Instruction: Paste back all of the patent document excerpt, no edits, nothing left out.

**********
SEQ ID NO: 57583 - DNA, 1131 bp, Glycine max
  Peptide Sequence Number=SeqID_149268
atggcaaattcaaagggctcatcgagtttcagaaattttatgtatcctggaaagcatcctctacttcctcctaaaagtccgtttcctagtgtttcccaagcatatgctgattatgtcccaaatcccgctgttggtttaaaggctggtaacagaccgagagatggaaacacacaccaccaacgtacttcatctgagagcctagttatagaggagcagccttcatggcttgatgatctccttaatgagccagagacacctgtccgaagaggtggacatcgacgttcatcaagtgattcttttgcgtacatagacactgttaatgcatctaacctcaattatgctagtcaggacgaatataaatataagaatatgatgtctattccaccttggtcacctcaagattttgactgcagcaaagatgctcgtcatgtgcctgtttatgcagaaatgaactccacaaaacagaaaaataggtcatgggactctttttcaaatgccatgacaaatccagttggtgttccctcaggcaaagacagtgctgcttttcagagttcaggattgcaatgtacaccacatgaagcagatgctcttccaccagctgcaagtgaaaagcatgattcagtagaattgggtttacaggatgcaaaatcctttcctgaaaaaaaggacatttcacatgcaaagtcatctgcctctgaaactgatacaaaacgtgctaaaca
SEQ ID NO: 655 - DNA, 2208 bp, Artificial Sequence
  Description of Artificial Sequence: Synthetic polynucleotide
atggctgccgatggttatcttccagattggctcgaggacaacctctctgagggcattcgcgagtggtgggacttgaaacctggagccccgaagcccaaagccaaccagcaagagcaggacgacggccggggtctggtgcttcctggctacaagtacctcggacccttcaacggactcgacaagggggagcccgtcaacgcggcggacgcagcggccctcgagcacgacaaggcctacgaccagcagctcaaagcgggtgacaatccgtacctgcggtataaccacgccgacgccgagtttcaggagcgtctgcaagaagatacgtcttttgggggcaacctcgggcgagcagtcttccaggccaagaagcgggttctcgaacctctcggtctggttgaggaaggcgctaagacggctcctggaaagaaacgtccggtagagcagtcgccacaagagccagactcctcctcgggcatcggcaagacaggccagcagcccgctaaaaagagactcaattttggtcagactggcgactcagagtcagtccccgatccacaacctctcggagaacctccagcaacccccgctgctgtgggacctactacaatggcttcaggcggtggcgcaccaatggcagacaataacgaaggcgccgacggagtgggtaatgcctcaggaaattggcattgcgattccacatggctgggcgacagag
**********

SEQ ID NO: 57583 - DNA, 1131 bp, Glycine max
  Peptide Sequence Number=SeqID_149268
atggcaaattcaaagggctcatcgagtttcagaaattttatgtatcctggaaagcatcctctacttcctcctaaaagtccgtttcctagtgtttcccaagcatatgctgattatgtcccaaatcccgctgttggtttaaaggctggtaacagaccgagagatggaaacacacaccaccaacgtacttcatctgagagcctagttatagaggagcagccttcatggcttgatgatctccttaatgagccagagacacctgtccgaagaggtggacatcgacgttcatcaagtgattcttttgcgtacatagacactgttaatgcatctaacctcaattatgctagtcaggacgaatataaatataagaatatgatgtctattccaccttggtcacctcaagattttgactgcagcaaagatgctcgtcatgtgcctgtttatgcagaaatgaactccacaaaacagaaaaataggtcatgggactctttttcaaatgccatgacaaatccagttggtgttccctcaggcaaagacagtgctgcttttcagagttcaggattgcaatgtacaccacatgaagcagatgctcttccaccagctgcaagtgaaaagcatgattcagtagaattgggtttacaggatgcaaaatcctttcctgaaaaaaaggacatttcacatgcaaagtcatctgcctctgaaactgatacaaaacgtgctaaaca
SEQ ID NO: 655 - DNA, 2208 bp, Artificial Sequence
  Description of Artificial Sequence: Synthetic polynucleotide
atggctgccgatggttatcttccagattggctcgaggacaacctctctgagggcattcgcgagtggtgggacttgaaacctggagccccgaagcccaaagccaaccagcaagagcaggacgacggccggggtctggtgcttcctggctacaagtacctcggacccttcaacggactcgacaagggggagcccgtcaacgcggcggacgcagcggccctcgagcacgacaaggcctacgaccagcagctcaaagcgggtgacaatccgtacctgcggtataaccacgccgacgccgagtttcaggagcgtctgcaagaagatacgtcttttgggggcaacctcgggcgagcagtcttccaggccaagaagcgggttctcgaacctctcggtctggttgaggaaggcgctaagacggctcctggaaagaaacgtccggtagagcagtcgccacaagagccagactcctcctcgggcatcggcaagacaggccagcagcccgctaaaaagagactcaattttggtcagactggcgactcagagtcagtccccgatccacaacctctcggagaacctccagcaacccccgctgctgtgggacctactacaatggcttcaggcggtggcgcaccaatggcagacaataacgaaggcgccgacggagtgggtaatgcctcaggaaattggcattgcgattccacatggctgggcgacagag